“But… Tenlok, what are you doing here? Did my parents hire you again, or… you’re not here for my wedding are you?”
Tenlok shook his head.
“Just finishing up some business,” he said. “Didn’t think I’d run into you.”
They stared at each other for a long moment.
“Well, you have to stay,” she said. “My wedding’s coming up. You can be in my honor guard! The Sayvada boy I’m marrying is kind of an idiot, but I– if you could be there, then maybe…”
The Bondsman shook his head again.
“Got another job lined up,” he said.
“Oh,” Tara said. “I just… I’m worried. There’s a lot riding on this. My parents told me the pact is everything for our House. It’s my duty as the heir to marry and I’m not afraid of that but… I don’t know. It’s stupid. I thought maybe if you were there, it’d… it would be alright.”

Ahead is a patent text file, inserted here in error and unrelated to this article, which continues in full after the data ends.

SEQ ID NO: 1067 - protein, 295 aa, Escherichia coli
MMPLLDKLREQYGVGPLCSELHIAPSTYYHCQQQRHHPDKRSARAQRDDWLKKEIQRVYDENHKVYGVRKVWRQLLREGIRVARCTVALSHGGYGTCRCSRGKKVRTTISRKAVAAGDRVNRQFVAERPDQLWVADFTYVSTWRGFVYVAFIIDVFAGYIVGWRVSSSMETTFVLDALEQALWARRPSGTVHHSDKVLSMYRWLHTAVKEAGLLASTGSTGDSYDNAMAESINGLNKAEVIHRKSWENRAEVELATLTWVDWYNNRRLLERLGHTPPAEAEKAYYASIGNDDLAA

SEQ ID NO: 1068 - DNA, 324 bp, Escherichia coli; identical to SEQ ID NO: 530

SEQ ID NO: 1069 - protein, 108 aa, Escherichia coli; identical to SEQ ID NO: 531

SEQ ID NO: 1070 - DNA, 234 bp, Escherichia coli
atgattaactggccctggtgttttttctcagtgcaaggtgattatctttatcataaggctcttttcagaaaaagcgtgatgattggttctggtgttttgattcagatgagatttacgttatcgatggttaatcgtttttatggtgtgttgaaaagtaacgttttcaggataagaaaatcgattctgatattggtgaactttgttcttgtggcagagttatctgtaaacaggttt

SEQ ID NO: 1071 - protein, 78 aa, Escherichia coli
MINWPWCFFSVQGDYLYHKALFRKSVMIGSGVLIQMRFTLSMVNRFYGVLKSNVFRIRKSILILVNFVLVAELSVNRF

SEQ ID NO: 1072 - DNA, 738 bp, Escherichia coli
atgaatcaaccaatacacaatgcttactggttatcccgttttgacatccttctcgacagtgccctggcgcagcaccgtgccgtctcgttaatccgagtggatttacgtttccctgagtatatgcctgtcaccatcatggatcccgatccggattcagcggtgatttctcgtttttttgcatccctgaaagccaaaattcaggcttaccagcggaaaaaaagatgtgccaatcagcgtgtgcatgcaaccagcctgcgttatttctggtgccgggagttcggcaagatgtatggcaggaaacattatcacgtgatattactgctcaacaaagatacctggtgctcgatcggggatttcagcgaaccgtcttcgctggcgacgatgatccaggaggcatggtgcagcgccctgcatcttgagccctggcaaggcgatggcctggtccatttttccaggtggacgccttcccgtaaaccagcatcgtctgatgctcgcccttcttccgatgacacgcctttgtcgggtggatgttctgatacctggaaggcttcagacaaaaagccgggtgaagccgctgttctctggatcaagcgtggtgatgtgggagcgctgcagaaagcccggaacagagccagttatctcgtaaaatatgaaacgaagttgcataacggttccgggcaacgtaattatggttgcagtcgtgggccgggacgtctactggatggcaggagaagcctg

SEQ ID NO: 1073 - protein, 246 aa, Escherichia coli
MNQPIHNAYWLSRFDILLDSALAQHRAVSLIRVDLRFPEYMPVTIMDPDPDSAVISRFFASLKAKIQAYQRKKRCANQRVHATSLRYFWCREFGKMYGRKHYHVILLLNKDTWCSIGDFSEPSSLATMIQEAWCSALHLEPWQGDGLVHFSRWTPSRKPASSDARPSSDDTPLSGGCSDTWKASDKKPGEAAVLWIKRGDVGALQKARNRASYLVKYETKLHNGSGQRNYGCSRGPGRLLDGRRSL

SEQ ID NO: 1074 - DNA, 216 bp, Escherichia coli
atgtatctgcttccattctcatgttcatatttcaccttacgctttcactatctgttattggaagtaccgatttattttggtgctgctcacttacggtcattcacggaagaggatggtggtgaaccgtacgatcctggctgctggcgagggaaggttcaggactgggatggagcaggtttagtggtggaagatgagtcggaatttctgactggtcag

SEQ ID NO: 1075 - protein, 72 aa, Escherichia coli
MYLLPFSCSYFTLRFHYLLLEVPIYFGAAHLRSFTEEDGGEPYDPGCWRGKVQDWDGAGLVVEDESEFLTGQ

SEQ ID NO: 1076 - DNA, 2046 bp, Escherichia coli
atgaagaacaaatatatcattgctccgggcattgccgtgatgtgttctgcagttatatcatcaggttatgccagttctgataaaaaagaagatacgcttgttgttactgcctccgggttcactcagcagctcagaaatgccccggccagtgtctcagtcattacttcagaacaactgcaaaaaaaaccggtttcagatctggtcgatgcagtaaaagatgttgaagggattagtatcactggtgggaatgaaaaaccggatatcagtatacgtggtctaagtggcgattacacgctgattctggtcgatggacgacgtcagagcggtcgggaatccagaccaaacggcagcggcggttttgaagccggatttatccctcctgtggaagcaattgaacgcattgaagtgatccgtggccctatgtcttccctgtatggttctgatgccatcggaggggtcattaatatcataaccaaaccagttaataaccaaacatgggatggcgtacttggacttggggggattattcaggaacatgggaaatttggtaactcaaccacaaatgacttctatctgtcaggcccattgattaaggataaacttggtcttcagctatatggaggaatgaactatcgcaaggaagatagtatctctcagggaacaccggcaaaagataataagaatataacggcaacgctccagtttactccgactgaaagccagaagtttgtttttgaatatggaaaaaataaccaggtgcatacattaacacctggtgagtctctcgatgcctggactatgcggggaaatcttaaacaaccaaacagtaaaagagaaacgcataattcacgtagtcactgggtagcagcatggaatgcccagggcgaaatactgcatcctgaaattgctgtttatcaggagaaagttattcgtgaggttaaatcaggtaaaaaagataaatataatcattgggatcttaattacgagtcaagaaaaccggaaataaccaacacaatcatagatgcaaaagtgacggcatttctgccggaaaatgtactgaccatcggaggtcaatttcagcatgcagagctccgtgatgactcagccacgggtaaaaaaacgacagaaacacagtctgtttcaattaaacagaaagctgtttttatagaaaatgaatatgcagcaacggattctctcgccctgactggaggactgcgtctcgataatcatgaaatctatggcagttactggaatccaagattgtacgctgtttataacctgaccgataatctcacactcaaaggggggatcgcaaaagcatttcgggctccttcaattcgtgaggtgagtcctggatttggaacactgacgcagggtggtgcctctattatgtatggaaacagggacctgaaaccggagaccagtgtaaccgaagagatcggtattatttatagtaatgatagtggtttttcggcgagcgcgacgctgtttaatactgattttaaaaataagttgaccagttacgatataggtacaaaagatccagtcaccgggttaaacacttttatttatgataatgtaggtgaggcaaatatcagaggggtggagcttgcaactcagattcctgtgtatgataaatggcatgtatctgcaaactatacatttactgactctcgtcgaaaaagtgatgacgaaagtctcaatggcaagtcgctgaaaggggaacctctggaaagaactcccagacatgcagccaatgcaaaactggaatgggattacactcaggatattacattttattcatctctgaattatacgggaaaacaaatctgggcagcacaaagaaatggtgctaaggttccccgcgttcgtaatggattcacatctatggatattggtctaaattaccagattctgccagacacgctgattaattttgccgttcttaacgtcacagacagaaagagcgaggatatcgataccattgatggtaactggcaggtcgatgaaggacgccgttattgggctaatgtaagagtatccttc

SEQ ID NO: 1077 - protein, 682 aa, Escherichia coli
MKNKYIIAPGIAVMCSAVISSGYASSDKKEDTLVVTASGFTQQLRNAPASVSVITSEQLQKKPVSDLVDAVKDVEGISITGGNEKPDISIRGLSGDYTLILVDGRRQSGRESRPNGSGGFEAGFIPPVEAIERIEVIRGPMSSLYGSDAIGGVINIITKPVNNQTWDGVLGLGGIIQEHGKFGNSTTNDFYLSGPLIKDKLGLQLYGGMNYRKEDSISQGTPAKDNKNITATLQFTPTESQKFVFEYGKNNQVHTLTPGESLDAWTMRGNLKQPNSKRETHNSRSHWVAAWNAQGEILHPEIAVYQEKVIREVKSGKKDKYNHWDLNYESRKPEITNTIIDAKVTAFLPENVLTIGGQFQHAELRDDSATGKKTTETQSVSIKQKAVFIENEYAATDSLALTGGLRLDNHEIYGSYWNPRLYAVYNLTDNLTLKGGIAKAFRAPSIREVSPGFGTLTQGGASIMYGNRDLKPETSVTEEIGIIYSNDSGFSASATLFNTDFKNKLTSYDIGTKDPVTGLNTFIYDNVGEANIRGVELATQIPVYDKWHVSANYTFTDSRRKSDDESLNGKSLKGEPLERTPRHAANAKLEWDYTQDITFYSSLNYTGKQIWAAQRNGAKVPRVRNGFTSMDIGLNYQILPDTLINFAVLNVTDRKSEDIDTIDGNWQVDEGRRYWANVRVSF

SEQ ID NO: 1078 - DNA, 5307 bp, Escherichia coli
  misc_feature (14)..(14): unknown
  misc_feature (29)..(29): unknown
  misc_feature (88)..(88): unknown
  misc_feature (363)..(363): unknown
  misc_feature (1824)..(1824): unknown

Her cheeks flushed and she looked at the ground. She felt like a little girl again, small and scared and in the wilderness with no one to help her.
No one but him.
“We could pay you,” she added after a moment.
“No,” Tenlok said flatly. “Like I said. Another job.”
He pointed at the rifle on her back.
still practice with that?” he asked.
She smiled. It wasn’t too big for her anymore.
“Every day that I can.”
“You remember what I taught you?” he asked.
“Don’t point it at something you don’t want to kill. Center mass. Nothing fancy.”
“I have to go,” he said finally. He brushed passed her and walked off down the beach, heading into the darkness.
She watched him go, unable to even call out a goodbye. Before long, he had disappeared. Tara sat down on the shore, watching the waves come crashing in. The wind was cold, but not as cold as the snows of her homeworld, and the rifle was no longer heavy on her back. At last, she stood up again, and began the long walk back to her family’s manor.
Whatever the next day held, she would face it.